One minute he was on the stage, the next minute he was being shoved to the edge of a cliff. They didn’t like what he said and they weren’t willing to listen.
What if they would have listened? What if they would have waited to hear just one more sentence? To them he was just some local kid – nobody of importance. To us, he was Jesus and we would never think of cutting his sermon short no matter where we had lunch reservations.
Most of us may find it hard to relate to an angry mob ready to commit murder. But, even though we may consider ourselves more civilized, we still display a propensity for throwing others off cliffs to never be heard from again. What would we do if someone stood on our stage and said something that offended our heritage and our theology? We know what we would do.
Some of us can’t even read a book that doesn’t sing the song we have been humming1.
“But, we have the Bible. We have whole truth and can know it. On this side of Jesus there isn’t anything left to figure out.” They had the Bible too. Jesus just read from Isaiah moments before this and the Old Testament doesn’t get anymore New Testament than it does in Isaiah. As for the truth? Well, let’s just say it was right in front of their face. Yet, they were wrong. They were wrong about God, wrong about the scripture and wrong about themselves. It’s easy to look into history and respond with laughter and mortification at the things people used to do. It’s hard to accept that in a few decades or so, we will be them. So, while we could never imagine throwing Jesus off a cliff, we’ve silenced plenty of other people by pushing them over. Let’s just hope we are better at recognizing Jesus then they were.
This isn’t anti-conviction. Conviction is necessary and good. Conviction can provide stability and direction. But, while we hold our convictions in one hand, we must hold humility in the other.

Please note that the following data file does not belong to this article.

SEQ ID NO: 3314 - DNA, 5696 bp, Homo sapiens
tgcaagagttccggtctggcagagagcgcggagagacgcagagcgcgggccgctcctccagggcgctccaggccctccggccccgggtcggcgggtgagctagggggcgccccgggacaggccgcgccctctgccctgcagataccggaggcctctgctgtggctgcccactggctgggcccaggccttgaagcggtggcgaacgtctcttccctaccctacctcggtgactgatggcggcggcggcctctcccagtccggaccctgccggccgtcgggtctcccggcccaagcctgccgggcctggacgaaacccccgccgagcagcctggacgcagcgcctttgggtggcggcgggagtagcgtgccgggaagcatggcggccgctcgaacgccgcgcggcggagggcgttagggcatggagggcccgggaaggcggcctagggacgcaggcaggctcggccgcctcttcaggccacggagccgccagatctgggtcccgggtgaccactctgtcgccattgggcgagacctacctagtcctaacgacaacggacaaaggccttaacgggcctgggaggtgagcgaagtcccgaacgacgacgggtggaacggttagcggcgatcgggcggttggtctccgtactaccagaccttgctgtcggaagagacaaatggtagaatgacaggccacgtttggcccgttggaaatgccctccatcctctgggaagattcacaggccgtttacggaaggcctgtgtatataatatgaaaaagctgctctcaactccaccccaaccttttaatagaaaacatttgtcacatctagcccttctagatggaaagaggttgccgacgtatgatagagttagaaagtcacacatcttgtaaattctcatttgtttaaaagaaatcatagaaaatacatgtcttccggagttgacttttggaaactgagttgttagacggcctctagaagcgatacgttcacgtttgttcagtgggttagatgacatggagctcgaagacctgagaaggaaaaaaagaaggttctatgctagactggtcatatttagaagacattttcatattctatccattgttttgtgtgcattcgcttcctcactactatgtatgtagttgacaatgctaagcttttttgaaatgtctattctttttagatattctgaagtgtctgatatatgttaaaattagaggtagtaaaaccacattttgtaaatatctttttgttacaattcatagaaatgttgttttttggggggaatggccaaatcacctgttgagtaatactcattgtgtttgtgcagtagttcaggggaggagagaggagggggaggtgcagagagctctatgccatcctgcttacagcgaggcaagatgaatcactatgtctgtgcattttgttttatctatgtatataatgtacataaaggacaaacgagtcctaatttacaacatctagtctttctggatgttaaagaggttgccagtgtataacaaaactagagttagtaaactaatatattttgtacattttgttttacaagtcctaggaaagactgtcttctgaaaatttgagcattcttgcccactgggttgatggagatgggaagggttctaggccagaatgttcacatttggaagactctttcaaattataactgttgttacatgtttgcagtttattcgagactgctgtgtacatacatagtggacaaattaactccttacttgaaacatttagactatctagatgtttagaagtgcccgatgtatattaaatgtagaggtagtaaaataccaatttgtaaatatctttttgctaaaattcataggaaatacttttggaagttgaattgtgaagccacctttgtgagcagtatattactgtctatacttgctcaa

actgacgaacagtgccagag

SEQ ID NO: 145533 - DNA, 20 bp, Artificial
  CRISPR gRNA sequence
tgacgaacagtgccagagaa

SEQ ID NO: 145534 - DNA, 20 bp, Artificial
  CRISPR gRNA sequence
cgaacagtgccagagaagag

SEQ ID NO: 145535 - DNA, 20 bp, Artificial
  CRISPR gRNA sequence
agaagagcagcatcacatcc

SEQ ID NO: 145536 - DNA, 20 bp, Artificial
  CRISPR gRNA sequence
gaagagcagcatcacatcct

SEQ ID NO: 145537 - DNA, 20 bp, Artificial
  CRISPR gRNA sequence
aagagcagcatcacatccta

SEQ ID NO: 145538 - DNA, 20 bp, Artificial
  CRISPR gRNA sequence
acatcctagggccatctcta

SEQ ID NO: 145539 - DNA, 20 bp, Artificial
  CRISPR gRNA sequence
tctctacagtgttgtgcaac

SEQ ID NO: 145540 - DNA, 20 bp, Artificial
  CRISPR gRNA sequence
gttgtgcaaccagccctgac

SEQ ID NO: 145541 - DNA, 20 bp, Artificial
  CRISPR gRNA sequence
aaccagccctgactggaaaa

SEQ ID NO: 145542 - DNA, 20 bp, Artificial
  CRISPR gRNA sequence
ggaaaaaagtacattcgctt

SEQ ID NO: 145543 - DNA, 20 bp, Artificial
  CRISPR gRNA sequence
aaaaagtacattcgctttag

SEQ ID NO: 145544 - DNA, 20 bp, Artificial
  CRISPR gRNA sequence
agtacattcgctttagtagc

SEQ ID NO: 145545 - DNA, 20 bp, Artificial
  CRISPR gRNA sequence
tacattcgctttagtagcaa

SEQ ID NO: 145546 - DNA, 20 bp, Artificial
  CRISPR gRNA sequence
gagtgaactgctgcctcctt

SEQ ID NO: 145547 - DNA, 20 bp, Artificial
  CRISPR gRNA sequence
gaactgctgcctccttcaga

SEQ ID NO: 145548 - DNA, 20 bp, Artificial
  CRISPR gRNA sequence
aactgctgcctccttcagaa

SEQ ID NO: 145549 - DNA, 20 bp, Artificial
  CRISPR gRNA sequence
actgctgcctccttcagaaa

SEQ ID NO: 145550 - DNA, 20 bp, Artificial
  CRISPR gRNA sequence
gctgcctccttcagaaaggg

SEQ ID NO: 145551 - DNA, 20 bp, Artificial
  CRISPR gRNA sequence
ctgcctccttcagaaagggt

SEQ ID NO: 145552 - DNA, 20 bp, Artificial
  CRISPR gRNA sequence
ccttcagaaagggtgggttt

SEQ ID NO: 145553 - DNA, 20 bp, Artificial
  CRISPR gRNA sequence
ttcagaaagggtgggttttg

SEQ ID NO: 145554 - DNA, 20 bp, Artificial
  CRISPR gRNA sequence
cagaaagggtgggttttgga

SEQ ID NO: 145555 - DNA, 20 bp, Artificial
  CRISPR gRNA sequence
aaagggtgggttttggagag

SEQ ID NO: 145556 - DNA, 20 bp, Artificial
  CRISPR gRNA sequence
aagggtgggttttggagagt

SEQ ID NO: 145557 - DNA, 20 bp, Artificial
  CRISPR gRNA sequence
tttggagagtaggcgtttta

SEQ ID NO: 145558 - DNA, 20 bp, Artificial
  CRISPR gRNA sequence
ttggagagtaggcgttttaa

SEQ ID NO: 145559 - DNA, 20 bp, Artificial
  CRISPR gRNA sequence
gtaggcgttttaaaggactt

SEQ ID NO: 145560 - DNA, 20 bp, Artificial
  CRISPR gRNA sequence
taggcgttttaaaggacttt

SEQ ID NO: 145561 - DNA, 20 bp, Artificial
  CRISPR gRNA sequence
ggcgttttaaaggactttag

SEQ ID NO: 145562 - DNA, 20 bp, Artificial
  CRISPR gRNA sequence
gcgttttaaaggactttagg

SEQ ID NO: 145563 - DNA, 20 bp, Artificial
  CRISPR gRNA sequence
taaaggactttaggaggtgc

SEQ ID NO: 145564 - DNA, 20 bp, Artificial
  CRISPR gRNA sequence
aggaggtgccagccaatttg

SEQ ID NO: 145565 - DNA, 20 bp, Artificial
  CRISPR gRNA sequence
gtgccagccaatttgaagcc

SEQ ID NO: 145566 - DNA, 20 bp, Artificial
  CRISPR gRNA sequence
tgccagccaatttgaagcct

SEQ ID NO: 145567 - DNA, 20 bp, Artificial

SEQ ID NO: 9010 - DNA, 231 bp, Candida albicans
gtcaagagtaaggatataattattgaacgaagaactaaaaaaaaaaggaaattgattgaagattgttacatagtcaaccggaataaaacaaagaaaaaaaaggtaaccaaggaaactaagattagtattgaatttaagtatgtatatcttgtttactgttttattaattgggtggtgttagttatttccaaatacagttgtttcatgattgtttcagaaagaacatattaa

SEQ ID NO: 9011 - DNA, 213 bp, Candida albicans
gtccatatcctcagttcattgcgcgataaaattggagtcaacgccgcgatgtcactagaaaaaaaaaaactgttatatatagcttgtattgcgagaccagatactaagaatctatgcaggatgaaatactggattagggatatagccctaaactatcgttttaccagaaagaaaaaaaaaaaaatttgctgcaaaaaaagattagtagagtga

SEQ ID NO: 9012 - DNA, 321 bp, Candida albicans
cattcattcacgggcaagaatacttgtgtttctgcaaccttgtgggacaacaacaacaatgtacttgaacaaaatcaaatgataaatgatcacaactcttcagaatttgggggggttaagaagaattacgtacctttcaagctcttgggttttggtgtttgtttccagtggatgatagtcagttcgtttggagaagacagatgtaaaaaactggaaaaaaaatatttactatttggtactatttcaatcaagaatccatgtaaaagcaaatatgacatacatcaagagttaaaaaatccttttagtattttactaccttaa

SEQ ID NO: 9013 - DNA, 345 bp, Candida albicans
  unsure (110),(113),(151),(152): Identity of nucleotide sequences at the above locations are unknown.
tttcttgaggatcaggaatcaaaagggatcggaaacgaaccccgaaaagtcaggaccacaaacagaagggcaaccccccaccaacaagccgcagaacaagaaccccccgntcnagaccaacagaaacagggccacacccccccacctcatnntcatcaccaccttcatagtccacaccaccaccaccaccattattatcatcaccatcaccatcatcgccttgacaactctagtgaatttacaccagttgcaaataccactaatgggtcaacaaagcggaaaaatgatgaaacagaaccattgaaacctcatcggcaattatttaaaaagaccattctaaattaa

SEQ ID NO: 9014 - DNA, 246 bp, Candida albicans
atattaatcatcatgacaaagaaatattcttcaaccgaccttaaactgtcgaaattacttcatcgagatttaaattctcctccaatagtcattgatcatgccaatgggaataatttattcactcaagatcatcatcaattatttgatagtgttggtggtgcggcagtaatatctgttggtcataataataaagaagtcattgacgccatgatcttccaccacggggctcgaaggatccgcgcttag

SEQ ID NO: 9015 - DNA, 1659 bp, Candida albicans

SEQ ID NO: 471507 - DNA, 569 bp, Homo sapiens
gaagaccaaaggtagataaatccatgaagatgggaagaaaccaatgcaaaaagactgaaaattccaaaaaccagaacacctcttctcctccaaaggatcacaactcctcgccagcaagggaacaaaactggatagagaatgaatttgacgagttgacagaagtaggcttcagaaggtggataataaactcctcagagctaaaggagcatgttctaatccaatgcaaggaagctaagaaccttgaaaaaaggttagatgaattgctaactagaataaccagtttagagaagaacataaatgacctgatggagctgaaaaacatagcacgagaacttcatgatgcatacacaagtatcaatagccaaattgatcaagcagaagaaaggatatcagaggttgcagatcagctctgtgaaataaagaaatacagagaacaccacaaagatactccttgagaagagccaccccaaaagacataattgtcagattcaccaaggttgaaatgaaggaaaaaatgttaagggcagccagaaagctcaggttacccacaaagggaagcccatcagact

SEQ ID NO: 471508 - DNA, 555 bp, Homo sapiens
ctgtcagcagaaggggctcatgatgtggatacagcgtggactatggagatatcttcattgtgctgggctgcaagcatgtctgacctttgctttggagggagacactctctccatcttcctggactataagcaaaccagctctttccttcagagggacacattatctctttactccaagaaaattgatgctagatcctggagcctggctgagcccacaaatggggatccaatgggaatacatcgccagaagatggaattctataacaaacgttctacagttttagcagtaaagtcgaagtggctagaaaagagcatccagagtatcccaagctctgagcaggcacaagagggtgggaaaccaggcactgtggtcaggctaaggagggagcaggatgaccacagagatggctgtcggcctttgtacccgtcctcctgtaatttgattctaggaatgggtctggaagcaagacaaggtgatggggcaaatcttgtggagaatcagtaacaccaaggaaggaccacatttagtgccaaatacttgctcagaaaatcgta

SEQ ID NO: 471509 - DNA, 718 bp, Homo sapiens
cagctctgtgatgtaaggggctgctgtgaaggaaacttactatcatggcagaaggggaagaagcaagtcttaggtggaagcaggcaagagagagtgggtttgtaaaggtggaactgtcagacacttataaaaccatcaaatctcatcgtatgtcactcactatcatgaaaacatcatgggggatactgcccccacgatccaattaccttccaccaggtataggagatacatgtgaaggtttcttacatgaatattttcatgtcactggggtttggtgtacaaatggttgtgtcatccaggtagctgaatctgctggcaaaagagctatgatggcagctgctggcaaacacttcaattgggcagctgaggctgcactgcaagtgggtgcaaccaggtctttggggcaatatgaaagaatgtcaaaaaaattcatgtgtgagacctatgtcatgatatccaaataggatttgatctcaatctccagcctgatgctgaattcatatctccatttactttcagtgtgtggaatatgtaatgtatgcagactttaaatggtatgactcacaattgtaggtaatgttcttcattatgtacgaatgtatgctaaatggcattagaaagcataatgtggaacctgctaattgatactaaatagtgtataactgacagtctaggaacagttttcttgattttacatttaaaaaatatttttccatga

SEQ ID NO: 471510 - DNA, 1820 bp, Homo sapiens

Without humility, the stability of conviction gives way to the quick sand of arrogance.
Living in this tension between conviction and admitting our own human limitations is something we need to be comfortable with, but it’s messy. Unfortunately, so many of us are OCD and we can’t tolerate the clutter of questions lying around. We want to pick up all of our theology and put it neatly in its place. We never invite anyone over who isn’t OCD too because we are afraid they will leave their shoes on and track in something that will make a mess.
One of my favorite parts of this story in Luke 4 is what happens when they get to the cliff. He walks through the crowd and goes on his way. I’m not sure how this happened. I like to imagine him with an unimpressed facial expression as he let’s them push him along. Then, when they get to the edge, I see him pulling his arms aggressively away from their clutches and they suddenly feel his force causing them to stop where they are. With a stern look on his face, he calmly walks right through the mob looking them each in the face as he leaves them silenced.
No matter how it went down, one thing is true: because of their attempt to silence him, the Truth literally escaped them.
1 paraphrase from NT Wright’s The Challenge of Jesus